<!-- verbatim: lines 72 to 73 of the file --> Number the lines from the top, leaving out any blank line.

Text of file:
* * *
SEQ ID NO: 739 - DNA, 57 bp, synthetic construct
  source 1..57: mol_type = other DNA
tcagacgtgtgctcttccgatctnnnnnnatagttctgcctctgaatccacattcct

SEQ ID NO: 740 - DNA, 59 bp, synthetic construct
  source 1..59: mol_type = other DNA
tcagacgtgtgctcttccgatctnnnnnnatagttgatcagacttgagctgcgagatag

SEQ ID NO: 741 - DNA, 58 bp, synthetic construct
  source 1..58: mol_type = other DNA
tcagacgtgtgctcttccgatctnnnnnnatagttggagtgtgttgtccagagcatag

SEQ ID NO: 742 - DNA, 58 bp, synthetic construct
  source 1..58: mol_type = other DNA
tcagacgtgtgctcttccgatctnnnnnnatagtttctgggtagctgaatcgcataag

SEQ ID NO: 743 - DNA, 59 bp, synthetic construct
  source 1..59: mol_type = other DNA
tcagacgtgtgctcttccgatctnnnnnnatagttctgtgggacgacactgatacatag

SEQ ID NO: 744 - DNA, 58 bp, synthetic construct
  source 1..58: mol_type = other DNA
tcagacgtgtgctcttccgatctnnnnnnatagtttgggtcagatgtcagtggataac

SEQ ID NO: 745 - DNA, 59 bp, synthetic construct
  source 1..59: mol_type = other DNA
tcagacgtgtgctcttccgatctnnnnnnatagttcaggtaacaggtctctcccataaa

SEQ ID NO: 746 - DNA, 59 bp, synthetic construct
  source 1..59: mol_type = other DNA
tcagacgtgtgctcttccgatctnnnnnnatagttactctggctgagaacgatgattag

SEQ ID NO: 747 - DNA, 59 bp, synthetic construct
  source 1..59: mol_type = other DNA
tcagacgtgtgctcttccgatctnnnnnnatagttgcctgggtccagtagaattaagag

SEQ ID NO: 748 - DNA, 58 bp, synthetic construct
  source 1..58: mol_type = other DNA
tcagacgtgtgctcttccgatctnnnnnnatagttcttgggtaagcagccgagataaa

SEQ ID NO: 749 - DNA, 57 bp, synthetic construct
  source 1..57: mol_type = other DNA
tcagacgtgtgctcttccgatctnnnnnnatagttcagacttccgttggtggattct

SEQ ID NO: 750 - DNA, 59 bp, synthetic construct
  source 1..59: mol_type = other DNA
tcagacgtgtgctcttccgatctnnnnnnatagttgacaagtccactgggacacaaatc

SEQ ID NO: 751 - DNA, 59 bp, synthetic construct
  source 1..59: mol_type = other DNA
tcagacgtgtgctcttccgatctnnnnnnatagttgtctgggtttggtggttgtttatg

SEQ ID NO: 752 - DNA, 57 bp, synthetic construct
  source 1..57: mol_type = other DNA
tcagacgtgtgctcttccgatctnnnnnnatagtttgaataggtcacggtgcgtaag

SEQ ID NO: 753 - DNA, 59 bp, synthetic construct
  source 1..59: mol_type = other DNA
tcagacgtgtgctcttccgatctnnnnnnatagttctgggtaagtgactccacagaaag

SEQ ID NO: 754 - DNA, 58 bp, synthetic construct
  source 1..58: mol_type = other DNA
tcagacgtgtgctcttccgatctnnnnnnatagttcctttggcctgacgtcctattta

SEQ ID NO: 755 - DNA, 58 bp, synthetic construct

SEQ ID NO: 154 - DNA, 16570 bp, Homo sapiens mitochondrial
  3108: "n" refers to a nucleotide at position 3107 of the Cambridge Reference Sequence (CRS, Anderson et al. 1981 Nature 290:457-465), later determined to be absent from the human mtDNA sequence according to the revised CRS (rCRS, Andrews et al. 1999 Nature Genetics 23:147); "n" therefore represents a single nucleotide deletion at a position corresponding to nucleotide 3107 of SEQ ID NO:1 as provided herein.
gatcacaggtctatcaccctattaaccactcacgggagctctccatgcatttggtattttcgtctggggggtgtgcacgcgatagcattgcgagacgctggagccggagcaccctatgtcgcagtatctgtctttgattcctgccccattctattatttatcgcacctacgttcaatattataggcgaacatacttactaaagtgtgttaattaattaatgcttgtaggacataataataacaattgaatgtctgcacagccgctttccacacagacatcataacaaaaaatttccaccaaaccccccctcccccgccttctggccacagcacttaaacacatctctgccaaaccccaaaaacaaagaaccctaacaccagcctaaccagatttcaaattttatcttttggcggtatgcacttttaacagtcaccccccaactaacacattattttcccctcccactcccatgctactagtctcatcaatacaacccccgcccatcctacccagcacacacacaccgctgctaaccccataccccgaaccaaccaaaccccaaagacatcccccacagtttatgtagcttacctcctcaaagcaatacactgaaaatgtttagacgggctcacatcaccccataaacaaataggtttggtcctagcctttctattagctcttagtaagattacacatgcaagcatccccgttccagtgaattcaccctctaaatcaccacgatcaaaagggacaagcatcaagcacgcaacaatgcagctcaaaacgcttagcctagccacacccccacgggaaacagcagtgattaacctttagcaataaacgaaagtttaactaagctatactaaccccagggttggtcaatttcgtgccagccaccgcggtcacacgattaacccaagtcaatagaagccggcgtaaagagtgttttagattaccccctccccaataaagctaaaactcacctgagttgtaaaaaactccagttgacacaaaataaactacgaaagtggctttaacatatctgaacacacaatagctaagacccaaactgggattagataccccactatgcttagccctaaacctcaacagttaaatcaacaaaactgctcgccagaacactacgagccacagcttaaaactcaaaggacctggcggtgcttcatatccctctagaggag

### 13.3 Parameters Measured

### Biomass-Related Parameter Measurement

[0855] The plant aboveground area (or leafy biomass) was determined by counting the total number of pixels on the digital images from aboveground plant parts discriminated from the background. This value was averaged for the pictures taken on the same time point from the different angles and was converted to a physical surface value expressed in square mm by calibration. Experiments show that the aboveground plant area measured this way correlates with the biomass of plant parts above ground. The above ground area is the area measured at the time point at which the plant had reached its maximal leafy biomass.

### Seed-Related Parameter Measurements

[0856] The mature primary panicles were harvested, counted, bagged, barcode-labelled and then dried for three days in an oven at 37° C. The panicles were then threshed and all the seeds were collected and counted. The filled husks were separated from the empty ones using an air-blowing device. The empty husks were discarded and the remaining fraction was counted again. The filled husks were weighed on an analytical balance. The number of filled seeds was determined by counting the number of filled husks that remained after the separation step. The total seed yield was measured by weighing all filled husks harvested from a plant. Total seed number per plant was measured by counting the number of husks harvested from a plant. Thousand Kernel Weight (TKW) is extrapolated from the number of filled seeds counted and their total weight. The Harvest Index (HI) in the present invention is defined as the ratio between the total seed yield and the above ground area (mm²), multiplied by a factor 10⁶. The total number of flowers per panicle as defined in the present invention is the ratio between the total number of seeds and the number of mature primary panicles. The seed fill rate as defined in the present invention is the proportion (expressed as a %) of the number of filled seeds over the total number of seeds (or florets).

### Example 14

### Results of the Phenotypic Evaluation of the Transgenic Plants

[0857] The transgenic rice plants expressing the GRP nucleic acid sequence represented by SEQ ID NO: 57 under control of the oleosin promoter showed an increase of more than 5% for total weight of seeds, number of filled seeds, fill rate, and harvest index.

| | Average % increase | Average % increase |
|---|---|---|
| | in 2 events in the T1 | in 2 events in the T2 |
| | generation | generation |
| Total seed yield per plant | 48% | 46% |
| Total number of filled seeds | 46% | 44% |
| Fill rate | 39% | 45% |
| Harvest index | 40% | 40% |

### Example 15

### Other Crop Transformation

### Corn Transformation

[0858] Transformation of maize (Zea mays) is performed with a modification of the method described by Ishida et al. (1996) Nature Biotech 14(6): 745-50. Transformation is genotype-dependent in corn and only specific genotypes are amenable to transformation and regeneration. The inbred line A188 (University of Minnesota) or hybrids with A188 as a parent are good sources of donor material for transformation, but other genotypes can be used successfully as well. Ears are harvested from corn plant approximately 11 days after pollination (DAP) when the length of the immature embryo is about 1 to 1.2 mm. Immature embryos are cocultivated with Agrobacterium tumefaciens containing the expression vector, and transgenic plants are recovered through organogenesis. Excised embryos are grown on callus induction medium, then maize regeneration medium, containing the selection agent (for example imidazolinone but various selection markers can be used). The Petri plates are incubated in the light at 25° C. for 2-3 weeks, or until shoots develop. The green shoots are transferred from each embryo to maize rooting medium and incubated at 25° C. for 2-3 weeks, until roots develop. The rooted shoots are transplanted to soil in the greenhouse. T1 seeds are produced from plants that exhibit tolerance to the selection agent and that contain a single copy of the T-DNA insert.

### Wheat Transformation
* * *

[0858] Transformation of maize (Zea mays) is performed with a modification of the method described by Ishida et al. (1996) Nature Biotech 14(6): 745-50. Transformation is genotype-dependent in corn and only specific genotypes are amenable to transformation and regeneration. The inbred line A188 (University of Minnesota) or hybrids with A188 as a parent are good sources of donor material for transformation, but other genotypes can be used successfully as well. Ears are harvested from corn plant approximately 11 days after pollination (DAP) when the length of the immature embryo is about 1 to 1.2 mm. Immature embryos are cocultivated with Agrobacterium tumefaciens containing the expression vector, and transgenic plants are recovered through organogenesis. Excised embryos are grown on callus induction medium, then maize regeneration medium, containing the selection agent (for example imidazolinone but various selection markers can be used). The Petri plates are incubated in the light at 25° C. for 2-3 weeks, or until shoots develop. The green shoots are transferred from each embryo to maize rooting medium and incubated at 25° C. for 2-3 weeks, until roots develop. The rooted shoots are transplanted to soil in the greenhouse. T1 seeds are produced from plants that exhibit tolerance to the selection agent and that contain a single copy of the T-DNA insert.

### Wheat Transformation